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On July 14, 2016, the U.S. House voted (306-117) to pass an industry backed GMO labeling bill, S. 764, that makes a mockery of consumers’ right to know. The bill now heads to President Obama for his signature or veto.
“Consumers deserve transparency around something as fundamental as the food they eat and feed their families,” said Deirdre Cummings of MASSPIRG. “The bill that passed Congress will blindfold the public. It is clear that Congress acted in the interest of the big Ag and Food Industry and not that of the average consumer. It couldn’t be more simple: the public wants labels, the industry wants us in the dark. While we greatly appreciate the leadership of Congresspersons McGovern, Neal, Capuano and Clark, who all voted the right way, too many of the Massachusetts delegation, including Congresspersons Lynch, Keating, Kennedy, Moulton, and Tsongas, chose the special interests over the public interest.”
The major failings of the passed bill:
No Labels: Instead of a simple, uniform, easy to read, on-the-package GMO label, like the one in effect in Vermont today, the bill would allow companies to use symbols, 1-800 numbers, or QR codes that need to be scanned with smart phones.
Consumer labeling is only useful when it is simple, uniform and easy to compare, anything else doesn’t work and only serves to undermine consumer choice. In fact, poll after poll has shown that ninety percent of Americans are in favor of clear, consistent labeling.
Repeals and prevents adoption of real consumer labeling laws: Even worse, the bill would abolish the GMO labeling law currently in effect in Vermont, and those passed in Maine, Connecticut and Alaska, and prohibit other states from passing labeling laws, like the one pending in Massachusetts that is cosponsored by 154 of 200 members of the legislature.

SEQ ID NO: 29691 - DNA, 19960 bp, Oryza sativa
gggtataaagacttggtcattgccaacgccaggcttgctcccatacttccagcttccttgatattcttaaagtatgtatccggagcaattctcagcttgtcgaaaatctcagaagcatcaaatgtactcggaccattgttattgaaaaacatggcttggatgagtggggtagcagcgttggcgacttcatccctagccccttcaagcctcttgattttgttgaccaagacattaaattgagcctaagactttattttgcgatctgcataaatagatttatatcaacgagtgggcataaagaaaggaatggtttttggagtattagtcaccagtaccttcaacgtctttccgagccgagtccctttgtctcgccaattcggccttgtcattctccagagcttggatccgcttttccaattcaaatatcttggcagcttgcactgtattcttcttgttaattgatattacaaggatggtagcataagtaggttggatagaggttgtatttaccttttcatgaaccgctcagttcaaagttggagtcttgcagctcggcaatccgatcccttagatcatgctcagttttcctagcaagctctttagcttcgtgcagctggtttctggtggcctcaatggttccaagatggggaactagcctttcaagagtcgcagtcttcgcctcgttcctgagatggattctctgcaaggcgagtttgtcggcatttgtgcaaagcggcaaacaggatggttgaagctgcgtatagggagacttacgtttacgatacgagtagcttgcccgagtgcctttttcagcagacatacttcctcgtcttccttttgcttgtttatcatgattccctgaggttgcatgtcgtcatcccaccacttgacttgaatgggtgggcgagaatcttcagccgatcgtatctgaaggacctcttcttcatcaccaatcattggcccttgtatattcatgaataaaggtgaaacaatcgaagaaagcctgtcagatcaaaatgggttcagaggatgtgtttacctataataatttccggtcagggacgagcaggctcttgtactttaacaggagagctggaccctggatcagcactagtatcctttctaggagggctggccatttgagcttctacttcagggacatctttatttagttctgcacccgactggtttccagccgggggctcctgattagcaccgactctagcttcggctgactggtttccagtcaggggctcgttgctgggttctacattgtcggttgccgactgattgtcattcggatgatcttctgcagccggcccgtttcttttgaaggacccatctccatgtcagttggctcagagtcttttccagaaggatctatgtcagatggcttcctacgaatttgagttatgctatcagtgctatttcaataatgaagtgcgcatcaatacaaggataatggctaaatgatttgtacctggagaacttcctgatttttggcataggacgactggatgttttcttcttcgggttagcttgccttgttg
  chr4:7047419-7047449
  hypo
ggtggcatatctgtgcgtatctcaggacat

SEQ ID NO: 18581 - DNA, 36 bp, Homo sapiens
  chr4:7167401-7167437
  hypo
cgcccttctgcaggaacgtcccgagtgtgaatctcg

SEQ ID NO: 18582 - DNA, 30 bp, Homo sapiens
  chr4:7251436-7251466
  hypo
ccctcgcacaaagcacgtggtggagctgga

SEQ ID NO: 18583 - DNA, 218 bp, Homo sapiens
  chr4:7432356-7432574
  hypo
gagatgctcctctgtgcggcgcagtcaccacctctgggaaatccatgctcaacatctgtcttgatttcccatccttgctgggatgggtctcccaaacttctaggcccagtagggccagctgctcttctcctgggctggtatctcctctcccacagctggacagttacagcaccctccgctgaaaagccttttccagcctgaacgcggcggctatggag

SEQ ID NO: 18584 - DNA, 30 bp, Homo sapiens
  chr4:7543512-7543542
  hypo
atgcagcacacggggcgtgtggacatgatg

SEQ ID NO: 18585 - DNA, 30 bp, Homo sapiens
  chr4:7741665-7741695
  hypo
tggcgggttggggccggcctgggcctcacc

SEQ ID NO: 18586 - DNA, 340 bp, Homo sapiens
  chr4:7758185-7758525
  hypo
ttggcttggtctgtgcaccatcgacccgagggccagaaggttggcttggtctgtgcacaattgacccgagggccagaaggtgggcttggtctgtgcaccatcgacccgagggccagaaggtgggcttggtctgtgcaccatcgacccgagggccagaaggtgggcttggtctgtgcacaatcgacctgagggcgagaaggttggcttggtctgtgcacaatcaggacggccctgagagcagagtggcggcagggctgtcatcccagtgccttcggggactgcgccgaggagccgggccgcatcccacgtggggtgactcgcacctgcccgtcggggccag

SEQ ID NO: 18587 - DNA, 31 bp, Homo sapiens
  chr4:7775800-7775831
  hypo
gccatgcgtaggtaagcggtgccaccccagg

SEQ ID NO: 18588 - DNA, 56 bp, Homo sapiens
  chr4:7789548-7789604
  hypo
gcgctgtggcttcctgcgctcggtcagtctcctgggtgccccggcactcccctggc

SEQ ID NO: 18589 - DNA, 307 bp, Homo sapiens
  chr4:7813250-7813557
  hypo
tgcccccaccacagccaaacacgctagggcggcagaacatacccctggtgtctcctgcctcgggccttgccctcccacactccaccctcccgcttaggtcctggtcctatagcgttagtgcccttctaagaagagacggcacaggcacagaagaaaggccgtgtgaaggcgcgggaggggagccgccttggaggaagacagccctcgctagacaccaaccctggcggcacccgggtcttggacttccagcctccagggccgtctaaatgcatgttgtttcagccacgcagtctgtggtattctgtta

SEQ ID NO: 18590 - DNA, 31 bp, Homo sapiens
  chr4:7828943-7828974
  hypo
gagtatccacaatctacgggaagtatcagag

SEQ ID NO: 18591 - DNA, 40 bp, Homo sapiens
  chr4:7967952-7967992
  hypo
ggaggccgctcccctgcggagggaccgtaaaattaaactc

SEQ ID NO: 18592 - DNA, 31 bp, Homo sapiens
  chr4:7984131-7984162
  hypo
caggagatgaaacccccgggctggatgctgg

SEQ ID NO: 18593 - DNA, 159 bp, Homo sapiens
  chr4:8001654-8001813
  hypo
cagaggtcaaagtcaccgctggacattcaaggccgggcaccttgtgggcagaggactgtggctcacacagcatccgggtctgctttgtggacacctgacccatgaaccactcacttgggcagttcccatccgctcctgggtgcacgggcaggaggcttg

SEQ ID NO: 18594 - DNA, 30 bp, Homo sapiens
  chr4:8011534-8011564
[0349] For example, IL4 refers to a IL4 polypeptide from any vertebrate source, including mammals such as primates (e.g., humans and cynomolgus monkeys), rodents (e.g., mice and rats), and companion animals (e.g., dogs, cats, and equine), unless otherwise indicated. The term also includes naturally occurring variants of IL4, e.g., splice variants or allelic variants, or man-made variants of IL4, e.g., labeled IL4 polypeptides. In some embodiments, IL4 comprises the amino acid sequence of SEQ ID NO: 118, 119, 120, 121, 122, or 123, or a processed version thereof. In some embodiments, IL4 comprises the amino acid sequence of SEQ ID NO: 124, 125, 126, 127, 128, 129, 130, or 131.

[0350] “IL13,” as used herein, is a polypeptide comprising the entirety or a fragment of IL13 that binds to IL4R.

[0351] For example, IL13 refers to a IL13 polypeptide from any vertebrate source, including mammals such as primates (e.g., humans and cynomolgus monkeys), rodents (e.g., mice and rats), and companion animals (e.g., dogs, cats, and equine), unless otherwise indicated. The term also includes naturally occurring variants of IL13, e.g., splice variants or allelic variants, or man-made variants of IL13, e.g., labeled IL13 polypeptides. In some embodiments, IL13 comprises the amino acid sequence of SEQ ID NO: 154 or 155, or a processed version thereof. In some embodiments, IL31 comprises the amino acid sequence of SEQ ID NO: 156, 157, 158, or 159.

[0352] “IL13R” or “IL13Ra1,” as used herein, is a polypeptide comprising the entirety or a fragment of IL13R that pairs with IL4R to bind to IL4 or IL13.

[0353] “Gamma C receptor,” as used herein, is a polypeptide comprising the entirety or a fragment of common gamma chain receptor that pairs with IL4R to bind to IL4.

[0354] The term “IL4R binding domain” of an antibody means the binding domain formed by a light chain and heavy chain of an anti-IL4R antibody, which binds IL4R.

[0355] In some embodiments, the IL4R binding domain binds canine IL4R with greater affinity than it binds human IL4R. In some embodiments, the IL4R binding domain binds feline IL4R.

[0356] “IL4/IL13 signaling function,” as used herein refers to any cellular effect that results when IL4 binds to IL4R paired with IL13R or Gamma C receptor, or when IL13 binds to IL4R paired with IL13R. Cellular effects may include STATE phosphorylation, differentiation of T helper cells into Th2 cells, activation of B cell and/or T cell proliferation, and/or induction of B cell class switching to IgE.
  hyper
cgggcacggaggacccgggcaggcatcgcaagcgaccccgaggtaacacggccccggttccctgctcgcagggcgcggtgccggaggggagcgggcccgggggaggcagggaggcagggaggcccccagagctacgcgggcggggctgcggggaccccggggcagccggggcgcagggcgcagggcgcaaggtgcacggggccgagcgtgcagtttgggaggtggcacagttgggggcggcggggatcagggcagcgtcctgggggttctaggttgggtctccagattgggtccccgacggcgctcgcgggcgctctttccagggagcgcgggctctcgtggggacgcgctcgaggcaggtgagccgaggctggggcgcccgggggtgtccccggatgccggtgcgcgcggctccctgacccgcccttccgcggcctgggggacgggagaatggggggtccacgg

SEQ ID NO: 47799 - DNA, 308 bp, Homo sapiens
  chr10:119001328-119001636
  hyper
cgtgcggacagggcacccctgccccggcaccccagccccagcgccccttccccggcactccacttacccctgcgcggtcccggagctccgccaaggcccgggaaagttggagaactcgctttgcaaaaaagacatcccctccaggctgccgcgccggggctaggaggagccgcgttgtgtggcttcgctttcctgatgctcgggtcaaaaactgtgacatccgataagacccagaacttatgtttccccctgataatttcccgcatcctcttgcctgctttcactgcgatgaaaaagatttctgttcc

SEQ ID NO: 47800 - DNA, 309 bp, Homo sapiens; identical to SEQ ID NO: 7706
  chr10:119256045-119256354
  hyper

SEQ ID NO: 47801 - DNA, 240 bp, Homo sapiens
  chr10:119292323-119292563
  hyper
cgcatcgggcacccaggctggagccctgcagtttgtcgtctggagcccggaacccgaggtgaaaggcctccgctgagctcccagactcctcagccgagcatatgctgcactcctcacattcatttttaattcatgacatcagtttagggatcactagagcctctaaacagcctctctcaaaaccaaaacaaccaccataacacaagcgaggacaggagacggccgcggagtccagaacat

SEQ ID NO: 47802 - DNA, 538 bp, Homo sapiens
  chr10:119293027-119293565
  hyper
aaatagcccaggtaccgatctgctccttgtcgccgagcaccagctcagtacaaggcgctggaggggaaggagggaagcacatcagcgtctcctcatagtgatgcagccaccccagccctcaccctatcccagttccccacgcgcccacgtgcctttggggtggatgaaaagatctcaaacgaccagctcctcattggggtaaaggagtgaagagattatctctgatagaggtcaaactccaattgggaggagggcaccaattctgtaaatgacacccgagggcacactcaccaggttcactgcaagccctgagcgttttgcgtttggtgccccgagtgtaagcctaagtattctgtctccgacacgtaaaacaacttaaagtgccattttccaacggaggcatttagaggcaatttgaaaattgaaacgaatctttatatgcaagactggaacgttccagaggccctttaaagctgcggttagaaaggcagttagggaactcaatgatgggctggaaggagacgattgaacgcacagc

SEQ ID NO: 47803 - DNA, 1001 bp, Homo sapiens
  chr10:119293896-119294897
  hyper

Massive Loopholes: The U.S. Food and Drug Administration (FDA) is critical of the bill. Specifically, the agency argued the narrow definition of “bioengineering,” would “likely mean that many foods from GE sources will not be subject to this bill”.
Not enforced: The bill is essentially voluntary as there are no fines or penalties for companies that do not comply even with this weak law.
“The President should oppose this sham industry bill and stand up for consumers’ right- to- know and their ability to make informed choices in the market place,” said Martin Dagoberto of Massachusetts Right to Know GMO. “It’s outrageous that Congress has just nullified GMO labeling laws already passed across the country and taken away the ability of our own legislature to pass the broadly supported GMO labeling bill currently pending in the State House.”
Background: Legislation providing citizens with the basic right to know whether the food they are feeding their families contains genetically engineered (GE or GMO) ingredients has been introduced in more than 30 states, with Vermont, Connecticut, Maine and Alaska already having enacted such laws. These legislative proposals have been met with fierce opposition from the biotechnology, farm, and grocery manufacturing lobbies that have spent millions to defeat legislation in the states. With the Vermont law going into effect on July 1, 2016, those powerful special interests have turned to Congress to undermine consumers’ right to know.
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